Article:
A Conversation at the Funeral

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Status: In Progress  |  Genre: Religion and Spirituality  |  House: Booksie Classic

Santosh Verma attends the funeral of the father of one of his friends. There he comes across three elderly men who strike a conversation about re-birth and evil spirits, while standing around the
pyre ablaze with fire. Santosh, who happens to be standing near them, listens to their conversation that makes his mind cogitate, even after he has left the place of funeral, how powerfully our
belief systems influence our life. The story runs like this ………


Santosh Verma has to attend the funeral of his friend’s father who had died late last night. In spite of a busy schedule in his office today, he decides to attend it as he knew him quite well because he and his family are quite friendly to that of his friend’s. Normally, he doesn’t attend funerals unless they are absolutely necessary.

Once he attended a funeral of an acquaintance where all types of rituals were performed with elaboration. This set him thinking why people do so; the person who has died isn’t affected by such rituals. But eventually he could reason out that they performed them because their belief systems forced them to do so.

On this particular day, Santosh decides to go to the office late after attending the funeral at 10.00 A.M. He reaches in time to see all the necessary rituals being performed. The dead body is then placed on a pyre that has been prepared with special wood at a specific place at the crematorium. (Customarily, the followers of Hinduism and some other related religious traditions consign the dead bodies to the flames of fire. The ashes are collected next day or so, after the body is completely burnt, to be disposed off appropriately.)

This also takes time as the pyre is lit after performing some religious rituals. Once it is lit, it then takes its own time to burn fully.

Next to where Santosh has been standing, a small group of three elderly persons begin a conversation to while away time. He finds their conversation quite interesting and, therefore, begins to listen to them intently. He comes to know their respective names as they all address each other by their name.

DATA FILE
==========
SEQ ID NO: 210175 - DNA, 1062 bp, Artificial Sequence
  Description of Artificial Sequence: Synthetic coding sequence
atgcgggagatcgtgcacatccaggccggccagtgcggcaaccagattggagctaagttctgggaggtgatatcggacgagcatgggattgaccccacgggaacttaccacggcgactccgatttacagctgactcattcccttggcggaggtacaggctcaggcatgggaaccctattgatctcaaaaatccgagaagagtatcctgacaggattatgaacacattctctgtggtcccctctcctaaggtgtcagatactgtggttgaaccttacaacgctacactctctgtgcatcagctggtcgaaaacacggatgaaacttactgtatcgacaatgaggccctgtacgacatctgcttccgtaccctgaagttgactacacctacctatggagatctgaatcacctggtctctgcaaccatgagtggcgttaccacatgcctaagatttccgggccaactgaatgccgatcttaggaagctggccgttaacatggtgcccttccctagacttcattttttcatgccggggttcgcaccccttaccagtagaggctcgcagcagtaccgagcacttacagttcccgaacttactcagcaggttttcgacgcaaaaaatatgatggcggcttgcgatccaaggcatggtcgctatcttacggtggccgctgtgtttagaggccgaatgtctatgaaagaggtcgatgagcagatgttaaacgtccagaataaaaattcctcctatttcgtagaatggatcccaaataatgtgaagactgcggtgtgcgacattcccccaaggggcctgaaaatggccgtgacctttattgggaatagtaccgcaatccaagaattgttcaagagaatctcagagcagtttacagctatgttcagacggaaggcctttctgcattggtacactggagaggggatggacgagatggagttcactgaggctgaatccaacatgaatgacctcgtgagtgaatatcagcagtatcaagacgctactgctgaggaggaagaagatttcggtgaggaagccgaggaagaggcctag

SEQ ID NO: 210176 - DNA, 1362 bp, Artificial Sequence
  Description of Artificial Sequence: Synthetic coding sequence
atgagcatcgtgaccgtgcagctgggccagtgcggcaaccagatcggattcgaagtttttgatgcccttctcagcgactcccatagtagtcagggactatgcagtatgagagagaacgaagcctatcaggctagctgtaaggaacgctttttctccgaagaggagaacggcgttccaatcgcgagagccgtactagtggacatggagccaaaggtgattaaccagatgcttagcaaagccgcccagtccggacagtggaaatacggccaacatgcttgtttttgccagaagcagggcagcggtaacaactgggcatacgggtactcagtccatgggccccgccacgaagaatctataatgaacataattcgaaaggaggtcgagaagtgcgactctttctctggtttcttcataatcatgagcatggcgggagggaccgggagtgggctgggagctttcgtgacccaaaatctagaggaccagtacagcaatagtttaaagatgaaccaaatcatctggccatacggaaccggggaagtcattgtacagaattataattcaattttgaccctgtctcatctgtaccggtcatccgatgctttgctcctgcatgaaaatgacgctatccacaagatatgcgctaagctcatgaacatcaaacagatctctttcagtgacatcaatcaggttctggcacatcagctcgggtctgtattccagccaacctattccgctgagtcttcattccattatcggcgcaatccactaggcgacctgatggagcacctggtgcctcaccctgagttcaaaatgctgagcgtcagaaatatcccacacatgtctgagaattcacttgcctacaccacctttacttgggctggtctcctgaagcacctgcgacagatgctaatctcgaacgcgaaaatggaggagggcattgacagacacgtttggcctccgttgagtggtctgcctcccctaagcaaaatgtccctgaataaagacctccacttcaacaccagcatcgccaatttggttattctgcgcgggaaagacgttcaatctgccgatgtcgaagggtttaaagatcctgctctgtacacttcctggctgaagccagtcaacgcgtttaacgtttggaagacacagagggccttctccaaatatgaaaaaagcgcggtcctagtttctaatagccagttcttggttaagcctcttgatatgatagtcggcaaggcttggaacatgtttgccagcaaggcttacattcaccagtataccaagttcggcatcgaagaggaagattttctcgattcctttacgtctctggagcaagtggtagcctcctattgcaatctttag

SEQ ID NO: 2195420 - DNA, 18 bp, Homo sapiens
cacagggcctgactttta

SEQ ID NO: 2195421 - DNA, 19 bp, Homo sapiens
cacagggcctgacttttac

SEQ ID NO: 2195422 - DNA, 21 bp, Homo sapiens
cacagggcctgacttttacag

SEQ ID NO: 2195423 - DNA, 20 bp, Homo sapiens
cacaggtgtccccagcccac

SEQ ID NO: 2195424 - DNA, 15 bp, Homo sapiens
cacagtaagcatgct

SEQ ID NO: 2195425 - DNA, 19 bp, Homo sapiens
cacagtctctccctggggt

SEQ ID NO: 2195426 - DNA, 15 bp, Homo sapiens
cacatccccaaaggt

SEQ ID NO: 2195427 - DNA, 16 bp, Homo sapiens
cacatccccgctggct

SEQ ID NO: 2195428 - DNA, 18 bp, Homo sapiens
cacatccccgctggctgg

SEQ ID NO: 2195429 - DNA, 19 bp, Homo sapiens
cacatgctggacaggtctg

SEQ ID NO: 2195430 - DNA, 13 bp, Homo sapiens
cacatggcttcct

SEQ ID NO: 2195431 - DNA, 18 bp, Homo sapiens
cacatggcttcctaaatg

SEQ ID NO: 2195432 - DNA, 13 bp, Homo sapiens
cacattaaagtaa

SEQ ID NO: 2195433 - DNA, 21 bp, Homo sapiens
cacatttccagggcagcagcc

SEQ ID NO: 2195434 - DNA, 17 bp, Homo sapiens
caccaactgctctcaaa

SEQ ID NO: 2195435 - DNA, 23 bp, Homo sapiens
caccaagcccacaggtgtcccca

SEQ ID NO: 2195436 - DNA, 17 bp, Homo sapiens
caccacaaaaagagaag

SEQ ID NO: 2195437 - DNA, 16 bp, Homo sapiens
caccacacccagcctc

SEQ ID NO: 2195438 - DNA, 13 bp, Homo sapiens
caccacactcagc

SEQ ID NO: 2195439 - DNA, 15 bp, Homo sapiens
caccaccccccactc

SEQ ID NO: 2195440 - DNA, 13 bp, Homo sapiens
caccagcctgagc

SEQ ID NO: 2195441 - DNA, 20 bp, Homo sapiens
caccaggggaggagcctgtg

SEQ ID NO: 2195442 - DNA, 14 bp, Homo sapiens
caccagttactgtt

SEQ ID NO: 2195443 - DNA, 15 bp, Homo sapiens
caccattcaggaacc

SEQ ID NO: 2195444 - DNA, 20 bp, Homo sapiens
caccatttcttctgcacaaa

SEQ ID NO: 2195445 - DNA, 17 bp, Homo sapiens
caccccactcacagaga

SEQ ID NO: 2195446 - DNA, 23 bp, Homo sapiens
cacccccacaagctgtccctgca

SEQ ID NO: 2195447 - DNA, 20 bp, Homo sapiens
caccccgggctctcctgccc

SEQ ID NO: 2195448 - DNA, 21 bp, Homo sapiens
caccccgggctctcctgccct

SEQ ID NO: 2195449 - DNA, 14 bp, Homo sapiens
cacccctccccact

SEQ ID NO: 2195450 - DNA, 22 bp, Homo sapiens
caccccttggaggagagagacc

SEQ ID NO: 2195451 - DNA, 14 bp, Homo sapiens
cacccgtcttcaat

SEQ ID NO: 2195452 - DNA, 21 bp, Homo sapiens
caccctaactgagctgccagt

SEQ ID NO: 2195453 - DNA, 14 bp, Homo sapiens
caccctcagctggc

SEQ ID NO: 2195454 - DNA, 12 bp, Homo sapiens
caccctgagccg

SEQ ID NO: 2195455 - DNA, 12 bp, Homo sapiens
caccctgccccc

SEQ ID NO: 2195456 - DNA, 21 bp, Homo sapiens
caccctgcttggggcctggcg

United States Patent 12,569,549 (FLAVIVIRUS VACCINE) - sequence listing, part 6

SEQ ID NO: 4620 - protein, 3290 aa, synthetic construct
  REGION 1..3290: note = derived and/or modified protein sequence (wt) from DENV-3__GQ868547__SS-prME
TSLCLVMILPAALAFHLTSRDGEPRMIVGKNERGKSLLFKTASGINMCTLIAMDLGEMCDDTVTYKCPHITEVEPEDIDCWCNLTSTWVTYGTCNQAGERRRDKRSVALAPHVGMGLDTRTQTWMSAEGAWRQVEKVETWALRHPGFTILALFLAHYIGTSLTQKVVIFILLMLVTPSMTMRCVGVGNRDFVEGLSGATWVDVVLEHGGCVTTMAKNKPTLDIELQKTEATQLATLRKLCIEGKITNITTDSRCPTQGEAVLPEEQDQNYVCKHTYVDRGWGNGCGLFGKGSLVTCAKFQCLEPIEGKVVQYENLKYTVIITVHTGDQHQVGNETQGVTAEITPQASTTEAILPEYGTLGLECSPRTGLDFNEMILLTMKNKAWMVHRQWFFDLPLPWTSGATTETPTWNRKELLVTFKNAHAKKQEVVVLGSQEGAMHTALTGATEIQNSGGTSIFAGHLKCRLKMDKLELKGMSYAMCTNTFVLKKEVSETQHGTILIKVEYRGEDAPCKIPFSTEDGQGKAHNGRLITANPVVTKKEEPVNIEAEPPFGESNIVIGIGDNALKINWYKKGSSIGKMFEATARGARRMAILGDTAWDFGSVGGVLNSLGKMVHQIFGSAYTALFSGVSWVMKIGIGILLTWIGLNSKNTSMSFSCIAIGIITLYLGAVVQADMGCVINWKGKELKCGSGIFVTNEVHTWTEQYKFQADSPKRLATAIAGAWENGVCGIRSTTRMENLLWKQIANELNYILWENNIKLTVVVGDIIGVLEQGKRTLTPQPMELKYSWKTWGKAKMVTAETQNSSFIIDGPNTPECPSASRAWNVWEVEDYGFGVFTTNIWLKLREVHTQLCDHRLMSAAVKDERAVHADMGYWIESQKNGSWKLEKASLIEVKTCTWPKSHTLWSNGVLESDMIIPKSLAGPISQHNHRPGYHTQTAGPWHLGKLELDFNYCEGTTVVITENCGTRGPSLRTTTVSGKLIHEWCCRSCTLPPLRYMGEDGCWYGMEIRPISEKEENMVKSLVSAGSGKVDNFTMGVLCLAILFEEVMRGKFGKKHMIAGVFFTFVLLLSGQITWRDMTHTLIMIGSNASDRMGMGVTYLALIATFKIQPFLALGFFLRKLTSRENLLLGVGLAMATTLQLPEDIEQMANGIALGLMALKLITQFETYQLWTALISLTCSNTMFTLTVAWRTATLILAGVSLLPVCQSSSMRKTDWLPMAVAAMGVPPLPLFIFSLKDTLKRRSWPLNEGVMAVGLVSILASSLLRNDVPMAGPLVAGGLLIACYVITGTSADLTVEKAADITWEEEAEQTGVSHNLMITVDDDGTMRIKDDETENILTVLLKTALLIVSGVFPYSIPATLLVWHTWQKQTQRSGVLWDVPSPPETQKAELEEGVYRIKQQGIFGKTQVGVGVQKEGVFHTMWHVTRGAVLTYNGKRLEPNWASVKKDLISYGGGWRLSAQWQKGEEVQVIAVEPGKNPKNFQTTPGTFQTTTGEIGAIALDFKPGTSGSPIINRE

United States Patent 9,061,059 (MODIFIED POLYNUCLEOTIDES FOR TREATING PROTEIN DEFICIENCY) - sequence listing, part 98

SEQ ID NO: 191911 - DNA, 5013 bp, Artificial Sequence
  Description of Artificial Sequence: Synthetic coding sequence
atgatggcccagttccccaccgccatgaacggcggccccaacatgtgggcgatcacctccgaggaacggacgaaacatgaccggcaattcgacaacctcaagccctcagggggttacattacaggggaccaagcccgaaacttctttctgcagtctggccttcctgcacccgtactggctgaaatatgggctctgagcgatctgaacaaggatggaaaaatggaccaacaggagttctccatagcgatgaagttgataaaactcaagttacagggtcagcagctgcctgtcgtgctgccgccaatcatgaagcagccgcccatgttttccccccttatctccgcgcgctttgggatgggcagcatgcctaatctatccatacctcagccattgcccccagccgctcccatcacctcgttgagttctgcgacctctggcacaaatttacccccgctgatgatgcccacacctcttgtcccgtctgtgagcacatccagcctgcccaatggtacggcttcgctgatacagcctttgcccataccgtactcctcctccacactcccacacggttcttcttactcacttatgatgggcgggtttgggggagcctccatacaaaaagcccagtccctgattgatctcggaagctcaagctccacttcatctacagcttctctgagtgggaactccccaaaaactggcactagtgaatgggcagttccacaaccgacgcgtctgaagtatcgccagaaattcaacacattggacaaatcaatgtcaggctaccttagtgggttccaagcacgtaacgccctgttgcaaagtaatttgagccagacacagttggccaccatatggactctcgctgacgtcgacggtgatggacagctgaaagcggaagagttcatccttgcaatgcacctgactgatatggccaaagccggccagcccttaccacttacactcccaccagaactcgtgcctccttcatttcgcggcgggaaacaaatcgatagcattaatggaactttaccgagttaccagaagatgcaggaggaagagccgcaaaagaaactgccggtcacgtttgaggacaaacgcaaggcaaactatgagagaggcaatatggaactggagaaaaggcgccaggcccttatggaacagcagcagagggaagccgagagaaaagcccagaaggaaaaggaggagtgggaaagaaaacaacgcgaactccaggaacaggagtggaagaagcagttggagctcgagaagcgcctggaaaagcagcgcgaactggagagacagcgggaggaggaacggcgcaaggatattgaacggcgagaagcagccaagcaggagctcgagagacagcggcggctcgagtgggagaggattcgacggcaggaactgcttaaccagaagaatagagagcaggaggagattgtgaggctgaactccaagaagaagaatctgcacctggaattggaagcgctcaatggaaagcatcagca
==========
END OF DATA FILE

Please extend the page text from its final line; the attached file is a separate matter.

Shyam, who appears to be about 60 years, is short and rotund. He says: “Do you know that the spirit of the person after death stays with the family for a period of 13 days. After this it leaves the family and goes to its assigned place depending on its Karmas (deeds). In majority of cases, it takes its re-birth according its past Karmas.”

Suraj, who is about 65 years of age, tall and lanky and walks with a limp, says: “Sometimes the spirit doesn’t leave the family and haunts its members or a member as evil spirit to fulfill its desires that it wanted with all its heart. It leaves only after its desires are fulfilled.”

Kishan, who appears to be youngest of them, says: “I believe in re-incarnation but don’t believe in evil spirits. They are only imaginary mental creations of people. Unless I really see one, I won’t believe.”

Suraj soon interrupts saying: “I know some who have seen evil spirits.” But he keeps quiet when Kishan snubs him and asks: “Have you seen one yourself?”

At this juncture, Santosh gets tempted to join their conversation but soon restraints himself and instead prefers to listen. 

Shyam also supports Kishan and says: “I know a few who have seen evil spirits but I won’t believe unless I see one myself.”

Kishan continues: “As a matter of reality, there is no substantiating evidence about the concept of re-incarnation except a few cases of re-birth I have read or heard about. Because it has been instilled into my mind since childhood, I started believing in re-incarnation but my mind at times has its doubts about the concept.”